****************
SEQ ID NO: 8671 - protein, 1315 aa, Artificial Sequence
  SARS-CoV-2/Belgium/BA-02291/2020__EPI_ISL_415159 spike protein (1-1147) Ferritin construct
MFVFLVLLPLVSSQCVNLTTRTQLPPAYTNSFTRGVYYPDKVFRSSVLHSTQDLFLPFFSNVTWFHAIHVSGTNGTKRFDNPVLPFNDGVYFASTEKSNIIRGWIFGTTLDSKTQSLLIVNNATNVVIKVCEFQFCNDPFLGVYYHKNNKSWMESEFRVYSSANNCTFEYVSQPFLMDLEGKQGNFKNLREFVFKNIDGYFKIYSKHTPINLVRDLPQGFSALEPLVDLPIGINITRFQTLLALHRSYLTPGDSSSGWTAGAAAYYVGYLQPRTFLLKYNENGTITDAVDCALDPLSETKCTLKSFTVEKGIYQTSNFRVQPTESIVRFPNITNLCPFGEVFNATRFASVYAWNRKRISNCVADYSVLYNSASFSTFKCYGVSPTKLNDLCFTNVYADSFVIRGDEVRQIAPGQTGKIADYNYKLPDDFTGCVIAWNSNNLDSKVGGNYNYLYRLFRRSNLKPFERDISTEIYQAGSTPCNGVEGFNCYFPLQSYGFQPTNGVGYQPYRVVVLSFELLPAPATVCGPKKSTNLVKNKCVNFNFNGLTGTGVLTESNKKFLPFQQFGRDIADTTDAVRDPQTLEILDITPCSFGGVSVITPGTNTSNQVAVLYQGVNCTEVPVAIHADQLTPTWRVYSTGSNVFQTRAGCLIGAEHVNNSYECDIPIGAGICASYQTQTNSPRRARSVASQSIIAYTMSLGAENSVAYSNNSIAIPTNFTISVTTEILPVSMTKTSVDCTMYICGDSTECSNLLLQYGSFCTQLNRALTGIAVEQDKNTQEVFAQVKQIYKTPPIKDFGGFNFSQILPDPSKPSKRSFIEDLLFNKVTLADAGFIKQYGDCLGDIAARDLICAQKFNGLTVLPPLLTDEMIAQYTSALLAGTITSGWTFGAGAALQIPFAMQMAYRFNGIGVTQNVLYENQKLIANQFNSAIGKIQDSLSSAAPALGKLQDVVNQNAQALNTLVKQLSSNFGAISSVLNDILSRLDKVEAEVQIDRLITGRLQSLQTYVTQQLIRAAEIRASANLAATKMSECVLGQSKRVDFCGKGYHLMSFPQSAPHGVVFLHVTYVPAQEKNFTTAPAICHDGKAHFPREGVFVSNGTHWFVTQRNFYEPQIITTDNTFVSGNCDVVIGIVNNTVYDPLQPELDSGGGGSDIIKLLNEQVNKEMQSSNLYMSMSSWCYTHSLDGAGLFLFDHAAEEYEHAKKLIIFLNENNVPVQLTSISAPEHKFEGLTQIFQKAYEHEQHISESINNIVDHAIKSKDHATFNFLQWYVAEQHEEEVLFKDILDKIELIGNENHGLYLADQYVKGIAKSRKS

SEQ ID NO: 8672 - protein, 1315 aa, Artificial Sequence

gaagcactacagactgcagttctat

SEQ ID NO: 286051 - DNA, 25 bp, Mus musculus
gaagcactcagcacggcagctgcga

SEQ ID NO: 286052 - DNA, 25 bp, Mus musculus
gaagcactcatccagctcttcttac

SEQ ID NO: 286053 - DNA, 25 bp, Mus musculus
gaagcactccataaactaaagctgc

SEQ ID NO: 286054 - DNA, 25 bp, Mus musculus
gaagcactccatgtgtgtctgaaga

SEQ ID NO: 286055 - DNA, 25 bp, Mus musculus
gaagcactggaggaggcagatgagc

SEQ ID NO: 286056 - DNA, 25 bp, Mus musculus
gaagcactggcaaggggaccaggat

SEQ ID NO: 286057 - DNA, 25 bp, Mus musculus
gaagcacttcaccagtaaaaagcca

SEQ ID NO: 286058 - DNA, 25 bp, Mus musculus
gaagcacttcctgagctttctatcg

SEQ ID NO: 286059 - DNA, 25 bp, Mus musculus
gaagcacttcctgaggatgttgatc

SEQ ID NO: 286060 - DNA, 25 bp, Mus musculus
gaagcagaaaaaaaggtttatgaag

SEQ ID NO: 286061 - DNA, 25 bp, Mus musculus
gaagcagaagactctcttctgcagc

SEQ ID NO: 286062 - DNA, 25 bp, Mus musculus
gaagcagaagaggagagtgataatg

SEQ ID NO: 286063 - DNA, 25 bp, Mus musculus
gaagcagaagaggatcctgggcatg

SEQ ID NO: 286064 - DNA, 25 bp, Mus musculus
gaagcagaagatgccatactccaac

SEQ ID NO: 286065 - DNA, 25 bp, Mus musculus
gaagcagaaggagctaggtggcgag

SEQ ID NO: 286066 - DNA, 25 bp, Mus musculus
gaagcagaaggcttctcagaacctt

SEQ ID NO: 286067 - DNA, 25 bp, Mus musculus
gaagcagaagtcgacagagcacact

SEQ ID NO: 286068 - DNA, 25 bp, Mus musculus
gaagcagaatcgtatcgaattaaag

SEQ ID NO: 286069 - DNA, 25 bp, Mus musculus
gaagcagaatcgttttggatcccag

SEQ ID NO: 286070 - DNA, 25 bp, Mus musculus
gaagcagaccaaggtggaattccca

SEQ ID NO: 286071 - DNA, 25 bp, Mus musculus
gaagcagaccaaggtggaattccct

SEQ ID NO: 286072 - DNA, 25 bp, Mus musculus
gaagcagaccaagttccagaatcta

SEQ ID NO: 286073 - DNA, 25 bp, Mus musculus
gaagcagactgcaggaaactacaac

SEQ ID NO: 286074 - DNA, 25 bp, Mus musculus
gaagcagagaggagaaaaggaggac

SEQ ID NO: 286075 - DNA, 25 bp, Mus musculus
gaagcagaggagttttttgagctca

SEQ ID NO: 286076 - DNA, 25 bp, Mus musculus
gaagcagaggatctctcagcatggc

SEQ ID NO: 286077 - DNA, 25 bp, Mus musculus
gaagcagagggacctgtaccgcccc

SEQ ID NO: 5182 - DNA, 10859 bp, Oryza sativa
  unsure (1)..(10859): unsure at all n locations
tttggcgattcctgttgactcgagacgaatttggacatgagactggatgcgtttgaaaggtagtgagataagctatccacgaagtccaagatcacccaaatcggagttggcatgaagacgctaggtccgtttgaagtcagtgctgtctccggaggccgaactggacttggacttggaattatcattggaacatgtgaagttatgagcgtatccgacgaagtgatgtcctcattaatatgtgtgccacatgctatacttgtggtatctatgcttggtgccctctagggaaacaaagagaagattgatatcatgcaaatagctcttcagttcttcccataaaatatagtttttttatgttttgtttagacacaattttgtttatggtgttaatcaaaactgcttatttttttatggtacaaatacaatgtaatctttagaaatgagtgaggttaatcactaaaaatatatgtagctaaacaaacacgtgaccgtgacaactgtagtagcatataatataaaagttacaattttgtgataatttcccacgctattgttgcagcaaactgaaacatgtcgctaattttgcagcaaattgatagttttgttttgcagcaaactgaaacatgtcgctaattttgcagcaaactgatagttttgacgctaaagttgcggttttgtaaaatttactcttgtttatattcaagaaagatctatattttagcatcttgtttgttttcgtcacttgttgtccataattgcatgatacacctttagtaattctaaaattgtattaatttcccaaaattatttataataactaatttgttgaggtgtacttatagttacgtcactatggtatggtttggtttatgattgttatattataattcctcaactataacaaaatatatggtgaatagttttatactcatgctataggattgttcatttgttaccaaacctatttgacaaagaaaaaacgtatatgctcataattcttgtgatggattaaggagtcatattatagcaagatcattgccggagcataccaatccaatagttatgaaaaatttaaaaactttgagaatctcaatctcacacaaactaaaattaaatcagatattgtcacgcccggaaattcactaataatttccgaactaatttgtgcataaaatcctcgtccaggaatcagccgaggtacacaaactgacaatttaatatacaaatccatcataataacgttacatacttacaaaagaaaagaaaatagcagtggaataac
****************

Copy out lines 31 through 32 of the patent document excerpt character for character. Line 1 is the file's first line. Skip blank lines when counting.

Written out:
gaagcagaagaggatcctgggcatg

SEQ ID NO: 286064 - DNA, 25 bp, Mus musculus